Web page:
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Two-way Prepositions in German

List of all topics in the level A2

German two-way prepositions, known as Wechselpräpositionen in the German language, can use either the dative or accusative case, depending on the context or situation.

German two-way prepositions are:

This page is part of the step-by-step German learning A2 level course. To see the complete grammatical details of German prepositions, please visit the page German prepositions in the section Summary of German Grammer.

How to employ German two-way prepositions:

  1. When the sentence indicates movement, the preposition is used with the accusative case, for instance, Ich gehe in die Stadt (I am heading to the city).
  2. When the sentence denotes a state or location, the preposition is accompanied by the dative case, as in Ich bin in der Stadt (I'm in the city).

Put differently, when a sentence serves as a response to the interrogative pronoun "wohin" (where to), the preposition within it should be in the accusative case. Conversely, if the sentence is a reply to the interrogative pronoun "wo" (where), the preposition within it should be followed by the dative case.

an (on, next to)

Sabine hängt den Hut an den Haken. (Sabine hangs the hat on the hook.)
Jan hängt das Bild an die Wand. (Jan hangs the picture on the wall.)
Jetzt hängt der Hut an dem Haken. (Now the hat hangs on the hook.)
Jetzt hängt das Bild an der Wand. (Now the picture hangs on the wall.)

In the instances mentioned above, when both the hat and the picture are in motion, the preposition "an" takes the accusative case. However, when the hat and picture are stationary, the preposition "an" demands the dative case.

When the accusative case is used with the preposition "an," we can form a question using the interrogative pronoun "wohin." For instance, you might inquire, Wohin hängt Sabine den Hut? This query translates to: "Where is Sabine hanging the hat?" or "Where is Sabine going to hang the hat?"
The potential English translations and the original German inquiry all convey a notion of a transitional phase, specifically, "where to" is Sabine transporting the hat? The hat is switching locations from one place to another. After the transition phase is over, we can inquire: Wo ist der Hut? (Where is the hat?) When responding to this query, the preposition "an" should be used in the dative case.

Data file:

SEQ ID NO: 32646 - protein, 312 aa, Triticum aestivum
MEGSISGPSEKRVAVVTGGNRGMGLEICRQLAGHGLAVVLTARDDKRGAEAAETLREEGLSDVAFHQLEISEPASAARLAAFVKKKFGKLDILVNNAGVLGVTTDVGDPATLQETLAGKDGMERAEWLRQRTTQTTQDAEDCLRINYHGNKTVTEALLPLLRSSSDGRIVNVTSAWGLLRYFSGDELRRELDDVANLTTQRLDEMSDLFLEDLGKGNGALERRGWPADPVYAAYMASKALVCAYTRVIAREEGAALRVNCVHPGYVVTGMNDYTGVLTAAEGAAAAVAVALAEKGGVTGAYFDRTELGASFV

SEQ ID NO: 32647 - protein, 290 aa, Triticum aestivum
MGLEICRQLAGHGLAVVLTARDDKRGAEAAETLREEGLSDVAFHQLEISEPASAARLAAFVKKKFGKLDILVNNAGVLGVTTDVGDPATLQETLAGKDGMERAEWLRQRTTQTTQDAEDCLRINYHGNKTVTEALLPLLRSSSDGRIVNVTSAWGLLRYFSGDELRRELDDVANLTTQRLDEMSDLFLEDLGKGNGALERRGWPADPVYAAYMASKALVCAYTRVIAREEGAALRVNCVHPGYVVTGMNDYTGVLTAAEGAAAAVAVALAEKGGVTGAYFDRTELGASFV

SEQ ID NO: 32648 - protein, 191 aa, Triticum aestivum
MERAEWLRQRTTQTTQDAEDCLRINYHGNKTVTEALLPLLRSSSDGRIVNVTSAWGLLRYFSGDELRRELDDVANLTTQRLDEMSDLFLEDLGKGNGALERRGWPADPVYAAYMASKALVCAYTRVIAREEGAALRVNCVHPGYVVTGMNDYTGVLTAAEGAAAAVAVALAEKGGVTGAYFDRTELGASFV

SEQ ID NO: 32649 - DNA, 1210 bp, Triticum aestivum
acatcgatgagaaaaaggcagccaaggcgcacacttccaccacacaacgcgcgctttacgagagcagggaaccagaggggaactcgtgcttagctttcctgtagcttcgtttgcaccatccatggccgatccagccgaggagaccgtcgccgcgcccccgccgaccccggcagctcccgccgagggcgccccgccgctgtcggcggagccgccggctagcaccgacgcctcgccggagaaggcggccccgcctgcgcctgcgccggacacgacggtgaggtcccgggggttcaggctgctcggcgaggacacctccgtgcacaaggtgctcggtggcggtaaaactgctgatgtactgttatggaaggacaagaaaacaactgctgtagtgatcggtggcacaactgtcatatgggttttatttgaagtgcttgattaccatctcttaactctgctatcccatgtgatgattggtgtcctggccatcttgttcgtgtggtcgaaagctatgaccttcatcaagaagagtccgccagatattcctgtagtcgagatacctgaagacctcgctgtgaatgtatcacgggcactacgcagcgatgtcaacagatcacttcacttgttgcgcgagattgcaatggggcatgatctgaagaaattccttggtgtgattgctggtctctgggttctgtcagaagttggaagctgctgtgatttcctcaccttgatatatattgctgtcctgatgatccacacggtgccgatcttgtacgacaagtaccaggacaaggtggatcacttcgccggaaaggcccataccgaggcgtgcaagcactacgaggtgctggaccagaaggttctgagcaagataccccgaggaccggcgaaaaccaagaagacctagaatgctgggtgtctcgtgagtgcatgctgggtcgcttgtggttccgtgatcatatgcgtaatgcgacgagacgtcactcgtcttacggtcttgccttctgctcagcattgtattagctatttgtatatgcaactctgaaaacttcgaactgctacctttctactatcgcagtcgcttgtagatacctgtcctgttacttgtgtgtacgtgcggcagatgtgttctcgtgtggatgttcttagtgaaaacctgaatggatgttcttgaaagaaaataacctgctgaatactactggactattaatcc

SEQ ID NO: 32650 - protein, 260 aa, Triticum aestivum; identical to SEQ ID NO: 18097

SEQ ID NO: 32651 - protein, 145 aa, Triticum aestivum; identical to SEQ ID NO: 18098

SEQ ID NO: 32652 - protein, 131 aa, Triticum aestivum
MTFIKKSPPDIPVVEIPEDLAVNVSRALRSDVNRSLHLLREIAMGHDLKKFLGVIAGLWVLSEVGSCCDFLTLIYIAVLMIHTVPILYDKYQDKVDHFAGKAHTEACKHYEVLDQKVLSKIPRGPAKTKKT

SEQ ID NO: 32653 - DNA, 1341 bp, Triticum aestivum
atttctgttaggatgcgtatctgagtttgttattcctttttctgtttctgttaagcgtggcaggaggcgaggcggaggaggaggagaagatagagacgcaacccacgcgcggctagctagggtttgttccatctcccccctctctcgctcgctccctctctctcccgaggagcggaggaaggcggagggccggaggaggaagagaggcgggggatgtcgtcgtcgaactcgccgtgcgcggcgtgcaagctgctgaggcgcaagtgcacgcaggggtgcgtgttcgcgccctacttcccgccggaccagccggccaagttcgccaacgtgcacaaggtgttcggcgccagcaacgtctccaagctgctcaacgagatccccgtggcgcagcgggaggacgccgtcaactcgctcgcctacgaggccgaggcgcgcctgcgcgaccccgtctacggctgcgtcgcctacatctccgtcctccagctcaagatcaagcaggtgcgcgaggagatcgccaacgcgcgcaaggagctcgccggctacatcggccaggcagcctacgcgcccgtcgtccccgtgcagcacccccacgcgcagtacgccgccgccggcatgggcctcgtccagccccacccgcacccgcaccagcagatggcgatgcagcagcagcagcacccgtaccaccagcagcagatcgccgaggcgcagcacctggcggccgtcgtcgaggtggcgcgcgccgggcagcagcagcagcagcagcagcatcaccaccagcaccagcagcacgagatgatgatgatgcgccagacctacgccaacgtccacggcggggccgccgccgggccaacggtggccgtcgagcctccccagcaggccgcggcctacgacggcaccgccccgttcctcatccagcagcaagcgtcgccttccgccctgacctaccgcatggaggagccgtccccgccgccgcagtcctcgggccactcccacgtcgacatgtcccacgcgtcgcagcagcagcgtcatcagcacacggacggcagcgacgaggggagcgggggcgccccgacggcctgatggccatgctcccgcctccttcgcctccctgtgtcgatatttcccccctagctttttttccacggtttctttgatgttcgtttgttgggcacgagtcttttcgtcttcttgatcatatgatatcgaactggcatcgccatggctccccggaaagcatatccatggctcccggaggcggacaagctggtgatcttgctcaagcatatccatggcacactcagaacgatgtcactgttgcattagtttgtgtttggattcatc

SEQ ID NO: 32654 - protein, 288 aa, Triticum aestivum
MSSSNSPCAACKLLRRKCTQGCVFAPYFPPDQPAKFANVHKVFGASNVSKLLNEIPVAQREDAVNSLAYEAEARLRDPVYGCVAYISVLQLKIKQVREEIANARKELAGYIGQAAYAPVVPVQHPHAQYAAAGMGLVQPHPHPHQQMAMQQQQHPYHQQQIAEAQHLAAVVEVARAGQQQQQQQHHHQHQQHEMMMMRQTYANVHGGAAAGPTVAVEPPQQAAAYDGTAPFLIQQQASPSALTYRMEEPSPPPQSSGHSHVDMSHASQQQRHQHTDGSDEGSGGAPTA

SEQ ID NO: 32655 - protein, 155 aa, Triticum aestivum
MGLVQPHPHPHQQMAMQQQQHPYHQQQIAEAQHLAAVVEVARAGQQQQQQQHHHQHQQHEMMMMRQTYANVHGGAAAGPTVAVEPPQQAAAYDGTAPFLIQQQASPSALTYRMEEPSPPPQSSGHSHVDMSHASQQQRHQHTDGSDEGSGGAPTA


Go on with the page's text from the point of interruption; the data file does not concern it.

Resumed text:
auf (on)

Hans legt den Kuli auf den Tisch. (Hans puts the pen on the table.)
Jetzt liegt der Kuli auf dem Tisch. (Now the pen is on the table.)
der Tisch (table) plural: die Tische

Difference between the verbs stellen, legen, stehen and liegen

stellen: (to place something vertically) Ich stelle die Flasche auf den Tisch. (I place (vertically) the bottle on the table.)
legen: (to place something horizontally) Ich lege den Kuli auf den Tisch. (I place (horizontally) the pen on the table.)
Ich lege die Flasche auf den Tisch. (I place (horizontally) the bottle on the table.)
stehen: (to stand) Die Flasche steht auf dem Tisch. (The bottle is on the table. Literally, bottle stands on the table.)
liegen: (to lie, to be lying down) Der Kuli liegt auf dem Tisch. (The pen is on the table. Literally, the pen is lying on the table.)

Stellen and legen show a process (a process of movement). Stehen and liege indicate a position (a state).

hinter (behind)

Er stellt die Flasche hinter den Tisch. (He places (in standing position) the bottle behind the table.)
Die Flasche steht hinter dem Tisch. (The bottle is (in standing position) behind the table.)

in (in)

Tobias legt das Handy in die Schublade. (Tobias puts the phone in the drawer.)
Das Handy liegt in der Schublade. (The phone is in the drawer.)
die Schublade (drawer) plural: die Schubladen

neben (near, next to)

Ich lege meinen Kuli neben das Heft. (I put my pen next to the notebook.)
Der Kuli liegt neben dem Heft. (The pen is next to the handbook.)

über (over)

Hanna hängt die Lampe über das Buch. (Hanna hangs the lamp over the book.)
Die Lampe hängt über dem Buch. (The lamp hangs over the book.)

unter (under)

Er versteckt das Geld unter das Bett. (He hides the money under the bed.)
Das Geld liegt unter dem Bett. (The money is under the bed.)
versteckt (to hide, to stash)

vor (in front of)

Die Mutter stellt das Glas vor die Flasche. (The mother puts the glass in front of the bottle.)
Das Glas steht vor der Flasche. (The glass is in front of the bottle.)

zwischen (between)

Er legt die Wurst zwischen die beiden Brötchen. (He puts the sausage between the two pieces of bread.)
Die Wurst liegt zwischen den beiden Brötchen. (The sausage lies between the two pieces of bread.)
das Stück (piece), die Stücke (pieces)

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